Ecole Normale Superieure de Cachan1
Water infrastrucutre around the world is facing an age of replacement. In particular, leakage due to obsolete pipes are the principle cause of water loss in developed countries. There is a tendency of neglecting water loss issues as potable water is heavily underpriced. The consequence of water loss is vast; namely, economic, financial and health problems. Water is a scarce resource; hence leakage due to poorly maintained pipes are extractions of water resources that is directly put to waste. For the water utlitiy, this translates to forgone potential revenue. Moreover, obsolete pipes increase pumping energy, treatment costs and intrusion of pollutants. The wasted energy has further consequences on the environment associated with the emission of CO2 and greenhouse gases due to energy production and consumption.
Since the introduction of the European Water Framework Directive, all member states are urged to achieve several targets such as full cost recovery in the very near future. This directive incentivises water utilities to engage in pipe replacement investments. The issue is that such an obligation will appear as cost inefficient to water utilities due to increased costs today with benefits that would appear in the long run. We show in this paper that theoretically, pipe replacement is cost efficient for the utility.
Our paper takes the first step in formalizing the significance of water loss and the need for pipe replacement in a theoretical model. We set up a static cost minimization problem with a constraint on water loss. The results show that even under a static model, pipe replacement is indeed an optimal solution. We further obtain simulation results on the optimal rate of pipe replacement for France and the U.S.
We set up a static cost minimization problem where the water utility minimizes the costs of supplying water to households. The utility is subject to a production constraint which is defined by the difference of water input minus the amount of water lost through leakage. The amount of water loss is defined by a function that is denoted by () which depends on the quantity of replaced pipes. The greater the investment in pipe replacement the closer () is to zero ( takes values between 0 and 1).
The model is solved numerically. We estimate functions for quantity demanded, price of water charged to customers and the water loss function in order to conduct a numerical simulation. We collected data from various sources such as the United States Environmental Protection Agency (EPA) for the U.S. and Observatoire national des services d'eau et d'assainissement (SISPEA) for France. We used these data to calibrate our parameters in the model; rate of water loss (0), price elasticity of demand (), cost of pipe replacement (r), price of water (p-bar), unconstrained quantity demanded (q0), water input cost (), the total distance of pipes (K), and the cost-recovery parameter () which takes values between 0 and 1.
We simulated the impact on the rate of pipe replacement by varying the values of the above mentioned parameters for France and U.S. and compared the differences. Moreover we looked into the within-country difference for France by taking two distinct water agencies and comparing the optimal theoretical rate of replacement.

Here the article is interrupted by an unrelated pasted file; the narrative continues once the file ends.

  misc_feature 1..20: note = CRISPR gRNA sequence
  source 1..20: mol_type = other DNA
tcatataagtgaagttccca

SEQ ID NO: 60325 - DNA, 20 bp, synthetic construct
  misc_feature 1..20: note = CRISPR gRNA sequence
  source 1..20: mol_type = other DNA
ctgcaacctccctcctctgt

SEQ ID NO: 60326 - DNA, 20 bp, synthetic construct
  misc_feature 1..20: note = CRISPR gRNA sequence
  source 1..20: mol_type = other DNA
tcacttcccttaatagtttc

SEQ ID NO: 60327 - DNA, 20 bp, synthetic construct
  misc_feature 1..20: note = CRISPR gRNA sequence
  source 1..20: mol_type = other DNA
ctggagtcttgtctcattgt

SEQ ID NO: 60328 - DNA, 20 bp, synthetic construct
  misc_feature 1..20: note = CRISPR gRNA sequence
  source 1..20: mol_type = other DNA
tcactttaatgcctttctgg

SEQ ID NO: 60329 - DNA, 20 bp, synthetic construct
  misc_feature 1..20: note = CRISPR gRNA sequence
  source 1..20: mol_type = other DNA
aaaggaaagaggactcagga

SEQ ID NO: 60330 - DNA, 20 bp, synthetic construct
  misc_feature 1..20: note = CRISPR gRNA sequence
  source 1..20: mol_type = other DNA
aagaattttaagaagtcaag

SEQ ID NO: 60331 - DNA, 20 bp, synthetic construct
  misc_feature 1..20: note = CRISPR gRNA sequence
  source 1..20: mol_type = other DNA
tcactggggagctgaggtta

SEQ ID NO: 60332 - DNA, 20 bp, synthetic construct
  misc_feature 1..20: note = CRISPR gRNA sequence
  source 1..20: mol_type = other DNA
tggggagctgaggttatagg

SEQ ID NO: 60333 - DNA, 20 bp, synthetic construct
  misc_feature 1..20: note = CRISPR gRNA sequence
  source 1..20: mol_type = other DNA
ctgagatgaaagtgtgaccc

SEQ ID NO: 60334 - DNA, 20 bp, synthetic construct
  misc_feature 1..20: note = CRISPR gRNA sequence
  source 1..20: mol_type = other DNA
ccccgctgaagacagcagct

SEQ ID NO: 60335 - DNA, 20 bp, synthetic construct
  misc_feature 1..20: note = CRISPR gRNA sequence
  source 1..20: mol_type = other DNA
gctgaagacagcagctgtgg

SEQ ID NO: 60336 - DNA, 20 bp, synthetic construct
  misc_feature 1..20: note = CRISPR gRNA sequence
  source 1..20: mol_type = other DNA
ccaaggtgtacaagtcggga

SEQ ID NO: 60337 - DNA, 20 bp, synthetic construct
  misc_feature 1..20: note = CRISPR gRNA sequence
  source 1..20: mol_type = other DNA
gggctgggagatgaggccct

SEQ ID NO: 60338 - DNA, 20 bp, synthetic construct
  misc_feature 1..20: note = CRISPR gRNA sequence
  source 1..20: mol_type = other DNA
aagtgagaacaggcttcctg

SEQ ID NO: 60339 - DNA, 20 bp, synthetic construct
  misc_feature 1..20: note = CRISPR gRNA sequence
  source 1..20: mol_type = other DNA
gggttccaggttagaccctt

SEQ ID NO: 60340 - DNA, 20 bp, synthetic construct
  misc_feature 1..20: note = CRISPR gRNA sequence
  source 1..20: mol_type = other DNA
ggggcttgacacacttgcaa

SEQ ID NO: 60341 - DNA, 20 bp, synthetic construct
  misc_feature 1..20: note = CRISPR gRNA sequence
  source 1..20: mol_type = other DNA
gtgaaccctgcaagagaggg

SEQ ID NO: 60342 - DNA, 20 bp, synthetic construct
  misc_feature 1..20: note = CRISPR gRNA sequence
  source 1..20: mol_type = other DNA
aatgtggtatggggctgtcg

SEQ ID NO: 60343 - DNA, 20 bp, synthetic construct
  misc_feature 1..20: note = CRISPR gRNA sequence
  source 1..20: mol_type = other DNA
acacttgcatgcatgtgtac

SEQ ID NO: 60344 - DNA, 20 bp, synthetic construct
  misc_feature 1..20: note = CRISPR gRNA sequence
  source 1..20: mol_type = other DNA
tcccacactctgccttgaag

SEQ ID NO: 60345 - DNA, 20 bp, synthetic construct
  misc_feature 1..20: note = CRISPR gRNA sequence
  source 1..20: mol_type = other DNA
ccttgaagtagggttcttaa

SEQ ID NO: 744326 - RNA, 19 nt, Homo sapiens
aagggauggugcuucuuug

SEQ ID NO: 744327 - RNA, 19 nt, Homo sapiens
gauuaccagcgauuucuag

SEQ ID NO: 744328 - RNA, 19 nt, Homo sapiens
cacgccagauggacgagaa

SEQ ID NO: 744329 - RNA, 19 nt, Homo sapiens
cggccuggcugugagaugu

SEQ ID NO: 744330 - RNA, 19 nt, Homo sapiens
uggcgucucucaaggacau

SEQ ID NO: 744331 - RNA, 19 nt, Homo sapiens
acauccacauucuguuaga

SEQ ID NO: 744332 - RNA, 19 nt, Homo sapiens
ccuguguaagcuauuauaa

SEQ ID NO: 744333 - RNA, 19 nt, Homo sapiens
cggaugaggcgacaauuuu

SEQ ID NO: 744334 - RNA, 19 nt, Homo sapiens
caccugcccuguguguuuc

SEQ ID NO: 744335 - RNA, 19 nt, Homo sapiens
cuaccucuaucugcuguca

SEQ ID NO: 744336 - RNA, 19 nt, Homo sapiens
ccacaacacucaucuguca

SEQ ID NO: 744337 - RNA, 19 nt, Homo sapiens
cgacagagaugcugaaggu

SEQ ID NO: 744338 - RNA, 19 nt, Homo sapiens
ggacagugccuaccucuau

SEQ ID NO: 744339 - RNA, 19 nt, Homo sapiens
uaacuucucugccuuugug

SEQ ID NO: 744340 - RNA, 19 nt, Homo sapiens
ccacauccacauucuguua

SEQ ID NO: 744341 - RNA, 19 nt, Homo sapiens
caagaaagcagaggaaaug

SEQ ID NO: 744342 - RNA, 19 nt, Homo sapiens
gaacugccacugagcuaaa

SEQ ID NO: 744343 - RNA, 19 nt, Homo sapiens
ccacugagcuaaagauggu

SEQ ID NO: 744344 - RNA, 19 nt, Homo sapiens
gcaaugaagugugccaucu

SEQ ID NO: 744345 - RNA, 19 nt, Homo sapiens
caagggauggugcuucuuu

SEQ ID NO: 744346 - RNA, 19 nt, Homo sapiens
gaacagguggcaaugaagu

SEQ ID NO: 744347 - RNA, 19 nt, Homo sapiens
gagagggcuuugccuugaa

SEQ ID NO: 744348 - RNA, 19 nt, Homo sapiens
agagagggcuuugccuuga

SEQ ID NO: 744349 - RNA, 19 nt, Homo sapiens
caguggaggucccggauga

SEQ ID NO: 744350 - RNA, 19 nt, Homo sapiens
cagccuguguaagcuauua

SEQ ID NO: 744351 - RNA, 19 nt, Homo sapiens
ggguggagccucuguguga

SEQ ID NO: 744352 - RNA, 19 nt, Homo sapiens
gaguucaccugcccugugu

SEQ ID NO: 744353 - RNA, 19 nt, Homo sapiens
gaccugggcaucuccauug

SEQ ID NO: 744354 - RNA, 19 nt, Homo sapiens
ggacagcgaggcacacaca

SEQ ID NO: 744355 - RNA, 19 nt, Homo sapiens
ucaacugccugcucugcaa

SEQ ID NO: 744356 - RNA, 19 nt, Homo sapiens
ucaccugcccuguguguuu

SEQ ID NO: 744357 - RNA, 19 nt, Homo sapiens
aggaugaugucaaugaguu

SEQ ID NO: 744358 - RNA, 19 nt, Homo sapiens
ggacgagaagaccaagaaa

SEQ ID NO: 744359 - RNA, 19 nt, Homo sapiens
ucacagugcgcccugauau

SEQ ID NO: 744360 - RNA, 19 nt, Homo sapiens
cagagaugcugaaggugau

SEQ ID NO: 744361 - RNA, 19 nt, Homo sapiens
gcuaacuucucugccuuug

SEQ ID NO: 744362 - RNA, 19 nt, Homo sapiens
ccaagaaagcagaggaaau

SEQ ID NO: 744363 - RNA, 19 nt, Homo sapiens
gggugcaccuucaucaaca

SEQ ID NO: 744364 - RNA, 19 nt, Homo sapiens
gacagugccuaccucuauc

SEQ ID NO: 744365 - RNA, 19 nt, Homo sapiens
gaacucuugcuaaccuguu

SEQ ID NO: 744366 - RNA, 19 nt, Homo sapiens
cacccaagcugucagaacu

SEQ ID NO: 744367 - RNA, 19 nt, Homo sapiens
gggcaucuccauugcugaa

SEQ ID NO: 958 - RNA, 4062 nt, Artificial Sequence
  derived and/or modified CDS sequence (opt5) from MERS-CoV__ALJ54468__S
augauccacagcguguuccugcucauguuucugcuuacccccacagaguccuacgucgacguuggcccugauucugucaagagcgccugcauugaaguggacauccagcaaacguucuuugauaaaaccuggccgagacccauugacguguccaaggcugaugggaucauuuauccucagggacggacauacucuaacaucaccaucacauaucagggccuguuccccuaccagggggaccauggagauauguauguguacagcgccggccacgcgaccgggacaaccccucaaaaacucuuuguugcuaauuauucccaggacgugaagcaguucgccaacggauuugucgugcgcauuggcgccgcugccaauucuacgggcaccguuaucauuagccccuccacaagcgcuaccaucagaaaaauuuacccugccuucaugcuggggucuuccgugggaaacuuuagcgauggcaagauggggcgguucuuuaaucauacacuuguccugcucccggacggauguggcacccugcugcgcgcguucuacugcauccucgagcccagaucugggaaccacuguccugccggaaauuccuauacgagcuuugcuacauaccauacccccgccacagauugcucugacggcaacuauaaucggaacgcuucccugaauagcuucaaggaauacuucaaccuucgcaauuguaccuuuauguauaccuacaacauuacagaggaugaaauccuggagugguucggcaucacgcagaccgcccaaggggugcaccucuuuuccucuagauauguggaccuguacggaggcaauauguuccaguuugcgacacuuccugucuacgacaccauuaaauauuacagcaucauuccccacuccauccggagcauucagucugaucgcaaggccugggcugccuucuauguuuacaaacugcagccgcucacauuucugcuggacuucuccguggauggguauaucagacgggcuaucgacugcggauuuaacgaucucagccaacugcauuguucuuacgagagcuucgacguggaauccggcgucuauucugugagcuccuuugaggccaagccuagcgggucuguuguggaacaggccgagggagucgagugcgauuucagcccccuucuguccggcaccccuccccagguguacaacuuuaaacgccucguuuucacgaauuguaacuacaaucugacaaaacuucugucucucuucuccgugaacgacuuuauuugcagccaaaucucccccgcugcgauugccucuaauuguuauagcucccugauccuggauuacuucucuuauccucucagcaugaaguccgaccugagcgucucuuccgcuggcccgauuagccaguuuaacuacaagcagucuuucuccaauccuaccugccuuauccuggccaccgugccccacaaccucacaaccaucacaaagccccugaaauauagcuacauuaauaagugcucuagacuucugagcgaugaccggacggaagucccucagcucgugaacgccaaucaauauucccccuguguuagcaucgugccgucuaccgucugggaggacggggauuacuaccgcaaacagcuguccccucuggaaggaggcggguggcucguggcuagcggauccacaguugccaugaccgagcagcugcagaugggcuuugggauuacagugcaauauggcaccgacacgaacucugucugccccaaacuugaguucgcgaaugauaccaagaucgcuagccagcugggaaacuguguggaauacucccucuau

In Table 1, the simulation results show that the theoretical optimal rate of pipe replacement in France is around 4.8 percent while currently it is only 0.6 percent per year. This is a significant result as it shows that in theory water agencies should invest five times more than its current level of pipe replacement. On the other hand, the rate for the U.S. is a mere 0.92 percent while its current level is 0.5 percent. The underlying cause behind the difference lies in the forces that drive down the rate of replacement. The cost of pipe replacement (r) is almost three times greater in the U.S. than in France while the cost of water input () in France is more than ten times greater than in the U.S. Moreover the price of water charged to customers in the U.S. is less than half of France. The fact that r is highly elevated and that and p-bar are significantly lower than in France, helps explain the low rate of pipe replacement in the United States. A low price charged to customers leads to minimal cost recovery for the water utility and a low cost of water input implies little incentive to minimize water loss by replacing pipes.
The results in Table 2 of the within-country simulation in France revealed additional challenges that water utilities face. Whether the region is a highly rural or urban area plays an important role in the agencies' capability to finance their cost of investment. Pipe replacement in urban areas are in general four times more expensive than in rural areas. About 90 percent of Seine et Normandie is rural; hence the cost of replacement is less pronounced than in the region of Adour Garonne where 76 percent of the region is rural. In the table we can see that the cost of pipe replacement is about 1.3 times greater in Adour Garonne than in Seine et Normandie. Moreover, in Seine et Normandie the population is more than twice of Adour Garonne implying that the cost of investment per capita is much lower in Seine et Normandie. The agency is constrained to service high quantity demanded, leading to higher pressure on water loss; hence greater rate of replacement.
Our paper will add a new dimension to the issue of water loss in the literature of water economics. The results from our model have significant policy implications on water utility management. In particular on the rate of pipe replacement and the sensitive issue of cost recovery initiaive. Moreover, reducing water loss does not only have positive externalities to the environment and public health, it is indeed beneficial to the water utilities.